|One bowl out of a recent firing was a treasure. Same glaze as others in the kiln, but this one was beautifully spotted.|
|Here is the inside of the same bowl.|
I like to do 3 kilometres on my morning walk. It is not very far, but I find it sufficient to make a difference, and I can do it in about half an hour if I walk reasonably quickly, or a little longer if I look around me more.
About half way around my walk, I saw a tiny grey bump on the road, about the size of a stone. As I neared it, I saw that the bump was in fact a small bird. The bird was sitting in a puddle of stuff that it had excreted, and it sat at an odd angle. I suspected that the poor thing had been killed by a car and was dead... However, it moved its head as I came near. Knowing that it was only a matter of time before it was in fact hit by a car, I bent down and carefully surrounded it with my hands. It was a juvenile sparrow, and very, very small as I lifted it to inspect it. The sparrow gripped my finger with one of its tiny skeletal feet, and I felt its warmth. And life.
I examined it. Both wings seemed OK, and there was some strength in its legs, but it was extremely messy around its vent and the bird had a disturbing tendency to lull sideways. I looked around for a suitable place to put it so that its parents would find it, but as I looked I realised that the bird was simply not strong enough to be able to sit in a bush without falling out. There was something definitely wrong with it.
What to do? Well, there were three options:
(1) put it in the long grass at the side of the road and "let nature take its course",
(2) kill it cleanly and quickly (somehow!), or
... I carried it home in my hand and rather suspected that it would quietly die as I walked. The bird seemed content with this odd form of transport, and snuggled into the warmth of my palm like it was in a centrally heated nest.
This moment of caring for a little warm bundle of feathers. The grip of its tiny feet. My large hands making a gentle nest for this life.
I kept the bird at home for a few hours. After giving it peace and quiet I tried feeding it, on several occasions, but it showed no interest at all in taking food. Carefully observing the little fellow over time, I could see that there was something badly wrong. In the early afternoon I took the bird to the local vet to have its life ended humanely.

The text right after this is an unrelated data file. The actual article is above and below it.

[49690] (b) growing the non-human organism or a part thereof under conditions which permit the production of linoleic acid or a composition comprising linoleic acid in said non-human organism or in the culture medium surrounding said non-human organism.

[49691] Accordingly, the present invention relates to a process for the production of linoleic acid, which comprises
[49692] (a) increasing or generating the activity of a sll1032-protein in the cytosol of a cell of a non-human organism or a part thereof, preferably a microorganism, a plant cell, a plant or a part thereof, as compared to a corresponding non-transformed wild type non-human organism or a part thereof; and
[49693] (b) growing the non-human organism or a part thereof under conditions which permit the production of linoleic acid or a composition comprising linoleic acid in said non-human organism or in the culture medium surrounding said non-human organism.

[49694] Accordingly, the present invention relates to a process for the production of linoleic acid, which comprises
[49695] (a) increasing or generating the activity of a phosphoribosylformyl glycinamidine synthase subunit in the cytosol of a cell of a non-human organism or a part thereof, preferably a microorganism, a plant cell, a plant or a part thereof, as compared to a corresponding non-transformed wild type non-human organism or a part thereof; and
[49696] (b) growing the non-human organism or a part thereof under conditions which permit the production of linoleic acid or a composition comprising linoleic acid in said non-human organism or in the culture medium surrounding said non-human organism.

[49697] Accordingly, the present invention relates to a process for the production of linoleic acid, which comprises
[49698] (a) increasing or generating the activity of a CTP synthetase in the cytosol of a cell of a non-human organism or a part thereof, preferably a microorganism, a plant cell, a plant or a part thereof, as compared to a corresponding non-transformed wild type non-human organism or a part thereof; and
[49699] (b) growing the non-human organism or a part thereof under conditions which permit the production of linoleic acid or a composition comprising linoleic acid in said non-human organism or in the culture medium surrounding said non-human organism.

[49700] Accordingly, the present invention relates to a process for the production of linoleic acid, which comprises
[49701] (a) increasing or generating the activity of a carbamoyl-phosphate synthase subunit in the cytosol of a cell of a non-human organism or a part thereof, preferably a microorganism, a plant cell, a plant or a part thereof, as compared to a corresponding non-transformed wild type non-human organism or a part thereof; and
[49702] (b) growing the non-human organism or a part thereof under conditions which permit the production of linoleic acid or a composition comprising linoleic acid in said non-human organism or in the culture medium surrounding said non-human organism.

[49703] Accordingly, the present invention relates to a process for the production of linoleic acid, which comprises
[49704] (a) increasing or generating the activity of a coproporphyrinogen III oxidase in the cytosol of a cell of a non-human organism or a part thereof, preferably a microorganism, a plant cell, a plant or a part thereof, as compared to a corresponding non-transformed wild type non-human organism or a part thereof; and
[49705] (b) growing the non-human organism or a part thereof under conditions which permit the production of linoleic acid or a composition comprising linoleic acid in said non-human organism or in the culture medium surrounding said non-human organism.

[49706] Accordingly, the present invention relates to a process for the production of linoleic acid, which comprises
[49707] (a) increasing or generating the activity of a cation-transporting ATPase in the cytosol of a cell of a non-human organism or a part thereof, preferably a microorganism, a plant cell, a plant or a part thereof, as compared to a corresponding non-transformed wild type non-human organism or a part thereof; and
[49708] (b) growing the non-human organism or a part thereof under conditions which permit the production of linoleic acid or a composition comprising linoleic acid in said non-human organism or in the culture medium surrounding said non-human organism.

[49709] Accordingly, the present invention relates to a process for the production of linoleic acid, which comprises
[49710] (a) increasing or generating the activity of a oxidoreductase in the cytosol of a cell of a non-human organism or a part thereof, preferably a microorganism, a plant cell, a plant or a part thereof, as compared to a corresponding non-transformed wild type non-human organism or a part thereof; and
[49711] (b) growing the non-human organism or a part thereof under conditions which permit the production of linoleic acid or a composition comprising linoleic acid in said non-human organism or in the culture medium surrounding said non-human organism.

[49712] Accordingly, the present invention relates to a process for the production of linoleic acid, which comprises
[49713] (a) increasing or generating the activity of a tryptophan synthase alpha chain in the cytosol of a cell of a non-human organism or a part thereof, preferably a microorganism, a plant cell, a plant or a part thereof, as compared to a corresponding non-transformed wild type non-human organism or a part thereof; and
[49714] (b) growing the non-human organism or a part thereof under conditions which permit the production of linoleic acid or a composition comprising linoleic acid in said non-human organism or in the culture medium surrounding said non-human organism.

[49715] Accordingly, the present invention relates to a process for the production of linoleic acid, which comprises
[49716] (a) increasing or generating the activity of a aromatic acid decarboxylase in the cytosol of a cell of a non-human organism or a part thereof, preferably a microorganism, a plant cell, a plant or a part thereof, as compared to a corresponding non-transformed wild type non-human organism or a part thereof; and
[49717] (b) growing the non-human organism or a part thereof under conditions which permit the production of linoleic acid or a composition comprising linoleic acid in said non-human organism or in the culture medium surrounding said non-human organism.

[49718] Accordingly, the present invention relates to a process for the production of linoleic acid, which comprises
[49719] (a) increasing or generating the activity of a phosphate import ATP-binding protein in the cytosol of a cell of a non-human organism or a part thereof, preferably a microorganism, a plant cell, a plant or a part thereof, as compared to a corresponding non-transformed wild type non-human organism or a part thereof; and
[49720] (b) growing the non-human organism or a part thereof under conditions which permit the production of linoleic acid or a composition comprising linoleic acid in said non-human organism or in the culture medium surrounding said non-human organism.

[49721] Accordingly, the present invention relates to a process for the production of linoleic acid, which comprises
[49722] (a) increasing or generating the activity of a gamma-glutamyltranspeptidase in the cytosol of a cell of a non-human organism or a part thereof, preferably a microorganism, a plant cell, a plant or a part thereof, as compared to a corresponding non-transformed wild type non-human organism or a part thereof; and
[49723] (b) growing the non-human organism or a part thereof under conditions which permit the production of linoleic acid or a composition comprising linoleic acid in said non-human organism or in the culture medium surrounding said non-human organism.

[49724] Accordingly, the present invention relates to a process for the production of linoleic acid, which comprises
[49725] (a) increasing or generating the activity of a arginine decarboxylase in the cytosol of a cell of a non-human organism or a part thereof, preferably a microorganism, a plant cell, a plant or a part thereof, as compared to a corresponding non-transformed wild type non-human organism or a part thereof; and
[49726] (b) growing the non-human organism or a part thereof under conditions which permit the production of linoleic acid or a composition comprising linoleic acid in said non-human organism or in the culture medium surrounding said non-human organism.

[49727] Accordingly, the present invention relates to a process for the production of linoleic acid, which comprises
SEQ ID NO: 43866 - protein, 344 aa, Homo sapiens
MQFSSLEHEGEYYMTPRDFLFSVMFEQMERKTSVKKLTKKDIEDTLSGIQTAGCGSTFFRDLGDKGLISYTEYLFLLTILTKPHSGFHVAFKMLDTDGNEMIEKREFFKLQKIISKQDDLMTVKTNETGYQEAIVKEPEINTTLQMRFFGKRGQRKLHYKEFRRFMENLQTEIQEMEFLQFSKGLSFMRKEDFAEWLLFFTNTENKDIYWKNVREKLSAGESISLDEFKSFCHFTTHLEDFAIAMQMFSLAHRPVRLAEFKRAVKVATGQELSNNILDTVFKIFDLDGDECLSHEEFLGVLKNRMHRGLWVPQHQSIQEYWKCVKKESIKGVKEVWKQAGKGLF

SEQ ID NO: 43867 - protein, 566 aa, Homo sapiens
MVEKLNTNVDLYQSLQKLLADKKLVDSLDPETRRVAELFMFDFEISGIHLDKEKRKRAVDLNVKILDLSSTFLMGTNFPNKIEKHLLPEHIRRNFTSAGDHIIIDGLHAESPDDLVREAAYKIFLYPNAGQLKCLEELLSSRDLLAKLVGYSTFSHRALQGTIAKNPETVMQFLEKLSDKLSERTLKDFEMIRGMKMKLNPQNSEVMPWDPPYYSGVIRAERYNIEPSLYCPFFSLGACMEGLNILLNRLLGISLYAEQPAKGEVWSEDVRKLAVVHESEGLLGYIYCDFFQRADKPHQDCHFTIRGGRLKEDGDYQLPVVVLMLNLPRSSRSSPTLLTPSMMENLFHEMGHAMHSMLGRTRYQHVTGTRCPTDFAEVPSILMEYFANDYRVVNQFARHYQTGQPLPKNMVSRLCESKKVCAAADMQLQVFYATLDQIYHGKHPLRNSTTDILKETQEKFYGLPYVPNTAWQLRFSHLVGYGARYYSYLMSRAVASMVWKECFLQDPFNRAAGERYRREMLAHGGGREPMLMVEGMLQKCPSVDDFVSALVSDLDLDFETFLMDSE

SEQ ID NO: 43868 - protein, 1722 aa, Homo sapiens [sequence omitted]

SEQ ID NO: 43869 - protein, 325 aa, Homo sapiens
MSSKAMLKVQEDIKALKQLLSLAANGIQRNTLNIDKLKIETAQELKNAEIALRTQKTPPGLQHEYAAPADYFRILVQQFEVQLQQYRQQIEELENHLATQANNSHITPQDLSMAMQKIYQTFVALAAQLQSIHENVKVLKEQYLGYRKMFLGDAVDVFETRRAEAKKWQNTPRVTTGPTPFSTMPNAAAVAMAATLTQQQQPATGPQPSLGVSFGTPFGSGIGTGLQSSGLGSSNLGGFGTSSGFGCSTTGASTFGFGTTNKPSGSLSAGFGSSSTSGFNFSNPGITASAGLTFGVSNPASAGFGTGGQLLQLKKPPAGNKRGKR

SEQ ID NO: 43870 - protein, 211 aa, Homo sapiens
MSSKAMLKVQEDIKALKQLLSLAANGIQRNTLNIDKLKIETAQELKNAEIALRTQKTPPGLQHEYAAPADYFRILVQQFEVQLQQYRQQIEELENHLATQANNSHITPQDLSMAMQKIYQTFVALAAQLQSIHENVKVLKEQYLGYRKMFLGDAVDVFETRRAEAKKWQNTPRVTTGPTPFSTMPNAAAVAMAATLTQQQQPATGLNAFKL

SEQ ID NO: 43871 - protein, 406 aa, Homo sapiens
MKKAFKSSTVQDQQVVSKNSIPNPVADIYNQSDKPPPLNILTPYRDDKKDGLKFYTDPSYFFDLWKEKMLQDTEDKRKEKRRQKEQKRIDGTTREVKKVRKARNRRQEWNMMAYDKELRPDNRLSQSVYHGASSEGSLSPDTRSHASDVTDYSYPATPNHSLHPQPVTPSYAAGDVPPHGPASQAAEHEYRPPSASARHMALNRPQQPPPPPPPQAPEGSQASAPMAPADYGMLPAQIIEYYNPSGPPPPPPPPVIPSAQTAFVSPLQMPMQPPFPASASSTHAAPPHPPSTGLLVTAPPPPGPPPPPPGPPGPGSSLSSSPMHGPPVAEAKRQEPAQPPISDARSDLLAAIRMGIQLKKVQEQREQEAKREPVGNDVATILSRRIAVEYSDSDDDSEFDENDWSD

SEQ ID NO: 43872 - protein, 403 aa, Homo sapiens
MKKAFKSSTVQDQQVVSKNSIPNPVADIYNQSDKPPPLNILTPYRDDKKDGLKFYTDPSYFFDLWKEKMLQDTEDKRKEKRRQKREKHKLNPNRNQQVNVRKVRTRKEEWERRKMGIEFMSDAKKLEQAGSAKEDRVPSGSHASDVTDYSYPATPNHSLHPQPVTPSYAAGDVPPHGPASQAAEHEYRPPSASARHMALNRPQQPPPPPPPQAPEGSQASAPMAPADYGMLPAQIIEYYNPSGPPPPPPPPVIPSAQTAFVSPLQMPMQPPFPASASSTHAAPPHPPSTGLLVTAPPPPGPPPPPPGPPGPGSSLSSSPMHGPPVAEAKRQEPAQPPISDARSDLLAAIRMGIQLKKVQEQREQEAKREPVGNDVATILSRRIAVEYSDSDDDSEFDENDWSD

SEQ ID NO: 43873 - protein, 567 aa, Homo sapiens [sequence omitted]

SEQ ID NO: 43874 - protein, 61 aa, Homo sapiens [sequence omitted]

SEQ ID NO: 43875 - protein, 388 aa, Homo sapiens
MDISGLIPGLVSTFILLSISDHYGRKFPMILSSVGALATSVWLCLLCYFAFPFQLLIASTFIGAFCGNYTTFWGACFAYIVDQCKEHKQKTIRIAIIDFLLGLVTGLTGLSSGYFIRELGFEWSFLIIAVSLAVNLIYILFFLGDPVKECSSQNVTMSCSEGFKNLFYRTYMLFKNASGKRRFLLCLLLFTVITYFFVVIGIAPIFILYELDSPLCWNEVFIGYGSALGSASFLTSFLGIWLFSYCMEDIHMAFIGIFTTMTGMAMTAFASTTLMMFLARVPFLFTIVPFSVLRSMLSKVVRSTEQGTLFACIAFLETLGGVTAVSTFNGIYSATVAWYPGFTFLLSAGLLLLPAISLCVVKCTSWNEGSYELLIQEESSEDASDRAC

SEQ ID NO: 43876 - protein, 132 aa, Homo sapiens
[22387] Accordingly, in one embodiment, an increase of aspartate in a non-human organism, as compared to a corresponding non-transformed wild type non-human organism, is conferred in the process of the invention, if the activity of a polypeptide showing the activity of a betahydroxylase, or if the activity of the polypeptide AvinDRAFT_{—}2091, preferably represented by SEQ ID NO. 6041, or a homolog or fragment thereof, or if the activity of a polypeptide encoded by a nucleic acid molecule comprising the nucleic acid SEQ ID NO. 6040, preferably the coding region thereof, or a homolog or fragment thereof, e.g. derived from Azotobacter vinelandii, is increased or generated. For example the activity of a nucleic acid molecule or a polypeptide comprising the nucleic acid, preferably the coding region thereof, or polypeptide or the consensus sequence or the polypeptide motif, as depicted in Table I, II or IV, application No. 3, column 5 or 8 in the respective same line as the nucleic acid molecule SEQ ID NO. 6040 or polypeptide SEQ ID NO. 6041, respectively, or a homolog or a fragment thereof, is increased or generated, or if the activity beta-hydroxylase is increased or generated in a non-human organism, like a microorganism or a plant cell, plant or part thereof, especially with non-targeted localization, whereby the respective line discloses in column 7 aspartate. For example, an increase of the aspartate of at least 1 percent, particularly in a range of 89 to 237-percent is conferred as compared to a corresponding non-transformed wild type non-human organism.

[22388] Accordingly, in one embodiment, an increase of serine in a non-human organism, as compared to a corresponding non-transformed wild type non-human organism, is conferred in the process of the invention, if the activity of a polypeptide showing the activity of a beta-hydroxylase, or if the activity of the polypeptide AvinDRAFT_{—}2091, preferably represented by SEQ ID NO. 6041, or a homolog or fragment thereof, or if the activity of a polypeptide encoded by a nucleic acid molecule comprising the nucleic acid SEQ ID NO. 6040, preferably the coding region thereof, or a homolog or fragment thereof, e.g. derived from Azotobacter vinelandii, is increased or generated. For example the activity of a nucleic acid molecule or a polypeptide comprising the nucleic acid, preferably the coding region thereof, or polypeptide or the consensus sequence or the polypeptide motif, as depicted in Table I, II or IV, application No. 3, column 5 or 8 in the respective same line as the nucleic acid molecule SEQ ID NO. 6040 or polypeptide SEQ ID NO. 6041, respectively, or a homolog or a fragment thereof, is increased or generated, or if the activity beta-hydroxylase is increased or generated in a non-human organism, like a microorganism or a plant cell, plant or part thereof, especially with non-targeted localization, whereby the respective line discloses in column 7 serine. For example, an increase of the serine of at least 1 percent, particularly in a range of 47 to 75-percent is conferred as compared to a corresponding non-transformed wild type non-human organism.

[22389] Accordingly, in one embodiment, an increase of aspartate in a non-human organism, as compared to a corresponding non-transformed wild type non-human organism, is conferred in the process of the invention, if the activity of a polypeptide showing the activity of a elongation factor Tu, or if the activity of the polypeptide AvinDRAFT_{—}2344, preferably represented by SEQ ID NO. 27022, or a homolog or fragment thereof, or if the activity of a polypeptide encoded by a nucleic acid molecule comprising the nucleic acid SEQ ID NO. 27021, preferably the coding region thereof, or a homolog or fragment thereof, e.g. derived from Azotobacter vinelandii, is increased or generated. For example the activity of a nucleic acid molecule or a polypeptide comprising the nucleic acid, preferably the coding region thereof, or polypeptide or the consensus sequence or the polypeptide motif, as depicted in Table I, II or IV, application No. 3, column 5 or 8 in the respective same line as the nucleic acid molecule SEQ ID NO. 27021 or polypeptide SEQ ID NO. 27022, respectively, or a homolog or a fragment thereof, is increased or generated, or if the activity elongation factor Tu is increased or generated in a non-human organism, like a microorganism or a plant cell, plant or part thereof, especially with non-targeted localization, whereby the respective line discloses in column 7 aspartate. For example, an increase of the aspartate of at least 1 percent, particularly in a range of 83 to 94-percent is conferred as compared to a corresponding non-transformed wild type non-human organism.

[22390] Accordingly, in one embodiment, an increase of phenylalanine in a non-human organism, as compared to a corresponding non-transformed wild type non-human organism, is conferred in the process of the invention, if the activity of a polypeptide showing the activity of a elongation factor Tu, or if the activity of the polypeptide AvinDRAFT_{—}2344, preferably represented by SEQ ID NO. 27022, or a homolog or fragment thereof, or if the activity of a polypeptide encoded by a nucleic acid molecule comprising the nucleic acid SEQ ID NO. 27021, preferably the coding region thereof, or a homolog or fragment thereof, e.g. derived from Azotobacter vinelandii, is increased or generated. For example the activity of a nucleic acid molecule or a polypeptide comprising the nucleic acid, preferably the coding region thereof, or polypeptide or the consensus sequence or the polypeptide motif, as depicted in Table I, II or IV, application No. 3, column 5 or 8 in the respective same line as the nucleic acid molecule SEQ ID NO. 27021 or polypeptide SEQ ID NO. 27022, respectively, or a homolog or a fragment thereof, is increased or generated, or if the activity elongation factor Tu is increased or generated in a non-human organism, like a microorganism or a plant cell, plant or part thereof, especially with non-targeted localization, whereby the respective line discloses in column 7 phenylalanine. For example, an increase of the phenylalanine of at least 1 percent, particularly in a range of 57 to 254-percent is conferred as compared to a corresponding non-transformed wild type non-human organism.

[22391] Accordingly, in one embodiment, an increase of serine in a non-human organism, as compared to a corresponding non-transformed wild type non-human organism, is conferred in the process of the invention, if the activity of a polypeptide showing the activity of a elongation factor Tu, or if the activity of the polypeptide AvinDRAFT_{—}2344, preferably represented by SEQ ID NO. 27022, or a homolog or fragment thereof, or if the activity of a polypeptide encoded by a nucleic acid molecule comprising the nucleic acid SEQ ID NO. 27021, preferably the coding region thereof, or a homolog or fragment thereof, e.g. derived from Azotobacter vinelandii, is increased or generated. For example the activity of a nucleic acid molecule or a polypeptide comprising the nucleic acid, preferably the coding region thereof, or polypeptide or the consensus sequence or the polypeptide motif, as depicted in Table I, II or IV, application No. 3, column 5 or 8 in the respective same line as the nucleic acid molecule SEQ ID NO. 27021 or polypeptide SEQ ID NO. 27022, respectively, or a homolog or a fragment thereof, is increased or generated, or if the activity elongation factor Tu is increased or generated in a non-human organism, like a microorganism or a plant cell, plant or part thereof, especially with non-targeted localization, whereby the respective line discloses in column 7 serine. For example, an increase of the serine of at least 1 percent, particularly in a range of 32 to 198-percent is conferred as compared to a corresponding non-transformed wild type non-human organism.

I think that it is good to care about something or someone. It is also good to care about what we make with our hands. It makes life richer.
I am really behind again with this blog. I have been very busy since I wrote last. We took Christmas Day as a holiday, but I was working again the next day, Boxing Day, making mugs and cups. I have a lot of stock to make as, on January 26 and 27 I will be demonstrating potting at the Lawrence Summer Arts Festival. I will be working at my potter's wheel, and Laura will be looking after sales. Laura will have some of her paintings there.
A few days after Christmas, we received a parcel from Belle-Île-en-Mer, which is an island off the coast of Brittany, France.
|Nigella Stopit loves parcels!|
|All the way from France, pottery by Armelle.|
At the same time as making new work and completing a couple of commissions, I have been doing a lot of glaze testing, and refining of glazes. I must say that I do like cone 10 glazes. Many potters have abandoned this high temperature of around 1280 Centigrade or 2336 Fahrenheit, in favour of cone 6 glazes that mature at a significantly cooler temperature that causes less wear and tear on kilns and lower power bills. Very Sensible of them.... But..... there is something about cone 10! I have made particular progress with firing iron reds at this temperature, and I have some interesting blue and green glazes coming on, and an elusive pink!
|Yarn organizer with a new blue glaze.|
As I make progress I will continue to add things to my High Fire Glaze page that you will find a tab for just under the header of this blog.
Well, I must go and pull some more pots out of the kiln. Still lots and lots to talk about... but work is calling!!
|And here is a peep into the kiln that I am about to unload!|
|First pot from the kiln!|
Best Wishes for the New Year,
Peter & Laura